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Topic: Bank of Canada - $5 Shortlist of Possible Portrait  (Read 1598 times)
coinsplus
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« on: November 09, 2020, 11:18:07 pm »

Saw this article.  The Bank of Canada shortlisted the possible portrait on the new Canadian $5 note.

Drum roll, please 🥁🥁🥁 — it’s time to meet the short list of eight #bankNOTEable Canadians whose portrait could appear on the next $5 note

https://www.bankofcanada.ca/banknotes/banknoteable-5/nominees/?utm_source=LinkedIn&utm_medium=Social&utm_campaign=CUR52020SL

In my humble opinion, I favor Terry Fox.


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docstrange
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« Reply #1 on: November 10, 2020, 09:53:21 am »

I see the person I nominated made the short list 
AL-Bob
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« Reply #2 on: November 10, 2020, 10:54:06 am »

Who was that?  The only one I even heard of is Terry Fox.

It would be nice if there were some business leaders on the list, people who actually contributed to creating wealth and improving the standard of living of fellow Canadians.  Or otherwise a notable scientist or entertainment figure who contributed to Canadian culture would have been great.

All I see are a bunch of mooches and wannabes on that list.  I guess that's sad the state of the PC culture we're living under now where achievers are demonized and freeloaders are revered.


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docstrange
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« Reply #3 on: November 10, 2020, 11:57:38 am »

If you live in Alberta and travel east of Calgary to a hamlet called Cluny there is a fantastic museum Blackfoot Crossing  Chief Crowfoot  Isapo-Muxika
Dean
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« Reply #4 on: November 10, 2020, 08:31:55 pm »

It seems like the BoC is stacking the deck in favour of a native person being on the $5.

Snoman
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« Reply #5 on: November 12, 2020, 04:31:56 am »

All I see are a bunch of mooches and wannabes on that list.  I guess that's sad the state of the PC culture we're living under now where achievers are demonized and freeloaders are revered.

So I guess Decorated veterans are just "mooches or wannabes" because they happen to be native. That is a sad exposition of white privilege hiding behind old tired anti "PC" rhetoric.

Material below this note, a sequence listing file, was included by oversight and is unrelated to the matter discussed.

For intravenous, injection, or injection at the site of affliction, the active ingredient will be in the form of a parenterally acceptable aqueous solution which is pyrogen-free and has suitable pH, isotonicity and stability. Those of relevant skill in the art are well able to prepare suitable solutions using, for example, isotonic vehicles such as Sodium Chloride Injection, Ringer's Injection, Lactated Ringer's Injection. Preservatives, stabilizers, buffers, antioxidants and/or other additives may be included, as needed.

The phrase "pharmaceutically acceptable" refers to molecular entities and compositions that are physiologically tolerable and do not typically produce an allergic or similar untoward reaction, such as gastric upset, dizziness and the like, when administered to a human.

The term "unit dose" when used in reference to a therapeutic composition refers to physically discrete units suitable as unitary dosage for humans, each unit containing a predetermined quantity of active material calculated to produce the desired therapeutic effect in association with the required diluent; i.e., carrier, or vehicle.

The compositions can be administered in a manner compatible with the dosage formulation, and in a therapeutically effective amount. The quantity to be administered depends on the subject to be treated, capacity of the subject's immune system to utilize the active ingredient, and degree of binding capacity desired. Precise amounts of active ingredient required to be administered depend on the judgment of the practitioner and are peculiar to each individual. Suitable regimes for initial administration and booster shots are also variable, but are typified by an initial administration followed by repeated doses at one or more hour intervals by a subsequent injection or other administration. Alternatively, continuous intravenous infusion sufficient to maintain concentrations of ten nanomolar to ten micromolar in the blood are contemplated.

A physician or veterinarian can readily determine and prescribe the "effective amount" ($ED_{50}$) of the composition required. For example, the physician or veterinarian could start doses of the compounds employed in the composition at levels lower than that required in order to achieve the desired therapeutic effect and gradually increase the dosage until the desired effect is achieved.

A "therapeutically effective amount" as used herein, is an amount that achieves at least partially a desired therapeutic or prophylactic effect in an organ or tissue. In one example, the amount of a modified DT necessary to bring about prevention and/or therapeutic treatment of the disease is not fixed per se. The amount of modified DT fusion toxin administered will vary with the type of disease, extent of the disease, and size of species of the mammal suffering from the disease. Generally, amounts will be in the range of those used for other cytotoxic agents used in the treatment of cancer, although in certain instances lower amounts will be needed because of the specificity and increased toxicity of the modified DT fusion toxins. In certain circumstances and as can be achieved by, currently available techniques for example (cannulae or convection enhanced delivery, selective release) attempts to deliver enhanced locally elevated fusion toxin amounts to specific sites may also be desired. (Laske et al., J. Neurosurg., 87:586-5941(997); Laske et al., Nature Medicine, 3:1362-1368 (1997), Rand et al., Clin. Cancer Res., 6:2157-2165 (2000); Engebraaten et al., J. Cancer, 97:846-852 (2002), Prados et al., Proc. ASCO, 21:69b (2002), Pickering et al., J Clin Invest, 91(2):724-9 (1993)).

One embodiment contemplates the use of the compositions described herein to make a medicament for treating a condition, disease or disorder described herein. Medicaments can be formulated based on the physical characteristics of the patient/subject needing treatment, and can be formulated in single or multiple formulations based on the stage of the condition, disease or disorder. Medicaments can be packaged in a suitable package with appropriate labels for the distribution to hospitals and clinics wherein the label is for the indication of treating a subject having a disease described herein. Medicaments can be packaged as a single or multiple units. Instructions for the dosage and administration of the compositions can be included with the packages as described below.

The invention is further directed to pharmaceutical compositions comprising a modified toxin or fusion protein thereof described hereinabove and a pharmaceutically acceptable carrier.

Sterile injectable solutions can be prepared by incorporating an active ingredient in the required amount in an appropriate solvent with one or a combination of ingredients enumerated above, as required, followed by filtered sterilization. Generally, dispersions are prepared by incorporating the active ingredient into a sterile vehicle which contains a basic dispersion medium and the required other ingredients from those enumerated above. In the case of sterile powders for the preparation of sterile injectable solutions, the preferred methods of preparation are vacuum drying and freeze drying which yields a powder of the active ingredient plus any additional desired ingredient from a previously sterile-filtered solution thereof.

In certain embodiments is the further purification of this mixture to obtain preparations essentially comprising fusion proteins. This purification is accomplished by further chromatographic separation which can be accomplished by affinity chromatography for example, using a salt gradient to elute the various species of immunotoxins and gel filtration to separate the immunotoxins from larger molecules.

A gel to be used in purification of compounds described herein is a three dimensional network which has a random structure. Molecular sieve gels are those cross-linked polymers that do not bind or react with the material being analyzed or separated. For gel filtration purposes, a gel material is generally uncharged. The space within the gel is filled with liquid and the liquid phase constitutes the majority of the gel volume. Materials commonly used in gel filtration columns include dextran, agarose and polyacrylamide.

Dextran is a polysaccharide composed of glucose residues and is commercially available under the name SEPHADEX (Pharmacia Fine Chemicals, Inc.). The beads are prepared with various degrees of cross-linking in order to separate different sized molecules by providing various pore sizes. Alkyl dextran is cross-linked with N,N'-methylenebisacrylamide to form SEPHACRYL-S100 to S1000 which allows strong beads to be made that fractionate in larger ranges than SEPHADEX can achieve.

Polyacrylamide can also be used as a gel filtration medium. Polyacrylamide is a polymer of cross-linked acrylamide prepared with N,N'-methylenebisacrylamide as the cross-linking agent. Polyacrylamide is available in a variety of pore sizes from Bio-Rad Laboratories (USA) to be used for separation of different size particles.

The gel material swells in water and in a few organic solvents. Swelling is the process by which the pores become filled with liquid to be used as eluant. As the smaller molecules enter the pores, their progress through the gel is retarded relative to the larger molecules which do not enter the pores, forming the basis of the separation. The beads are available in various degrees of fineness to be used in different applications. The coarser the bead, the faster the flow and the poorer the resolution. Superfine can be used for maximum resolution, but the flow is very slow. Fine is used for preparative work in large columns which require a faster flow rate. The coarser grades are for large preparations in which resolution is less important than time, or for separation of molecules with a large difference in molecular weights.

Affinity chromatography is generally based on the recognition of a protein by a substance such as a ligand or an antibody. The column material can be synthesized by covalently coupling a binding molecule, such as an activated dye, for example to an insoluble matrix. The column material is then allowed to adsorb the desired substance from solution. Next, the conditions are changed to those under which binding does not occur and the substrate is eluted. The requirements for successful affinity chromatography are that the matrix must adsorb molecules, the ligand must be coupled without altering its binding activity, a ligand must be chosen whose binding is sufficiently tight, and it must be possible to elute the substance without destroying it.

I hope its either Isapo-muxika, or Onondeyoh, or Terry Fox. The first because of the history, the second because of the bravery, and the third because of getting out there to challenge the country to find a cure for one of the worst diseases that we face. I'm hoping for a fantastic engraving and hopefully a intricate vignette on the front of the bank note, as well as an equally impressive commemoration on the back of the note.

I'd love to see Lester Pearson be considered for the new $50.

Instead of crapping on the choices that have been made, propose some others that you would like to see and elevate the conversation.
AL-Bob
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« Reply #6 on: November 12, 2020, 12:19:04 pm »

So I guess Decorated veterans are just "mooches or wannabes" because they happen to be native. That is a sad exposition of white privilege hiding behind old tired anti "PC" rhetoric.

Nothing could be further from the truth.  I couldn't care less what gender or race these people belong to.  It's precisely the fact that their gender or race even needs to be mentioned that sickens me.  They should be recognized for their achievements and their achievements alone.  Being native or black or a woman is not an achievement.  Likewise, I certainly don't want an individual to be chosen because he is a white male.  I just couldn't care less and it bothers me that this is the only thing that some people seem to care about.

My "mooches and wannabes" comment was directed towards their lack of having accomplished anything for the benefit of fellow Canadians.  Or if they did accomplish something, that it was to the detriment of others.  I would like to see someone who did something to improve the lives of Canadians.

Fighting in a senseless war is not an accomplishment to be proud of.  I would be a lot more inclined to celebrate someone who resisted the war or who resisted political injustices rather than someone who participated in them as most of these individuals did in some way or another.

If any of these people did indeed help to protect the rights of individuals (native or otherwise) against political oppression, then I would fully endorse them.  I'm not convinced that any of them succeeded in that regard, despite claiming credit for such.  That being said, I'm not against selecting a native person even if it's only for the purpose of celebrating their culture and history.  It's the fact that the ones nominated seem to have participated in political injustices rather than to have fought against them which bothers me.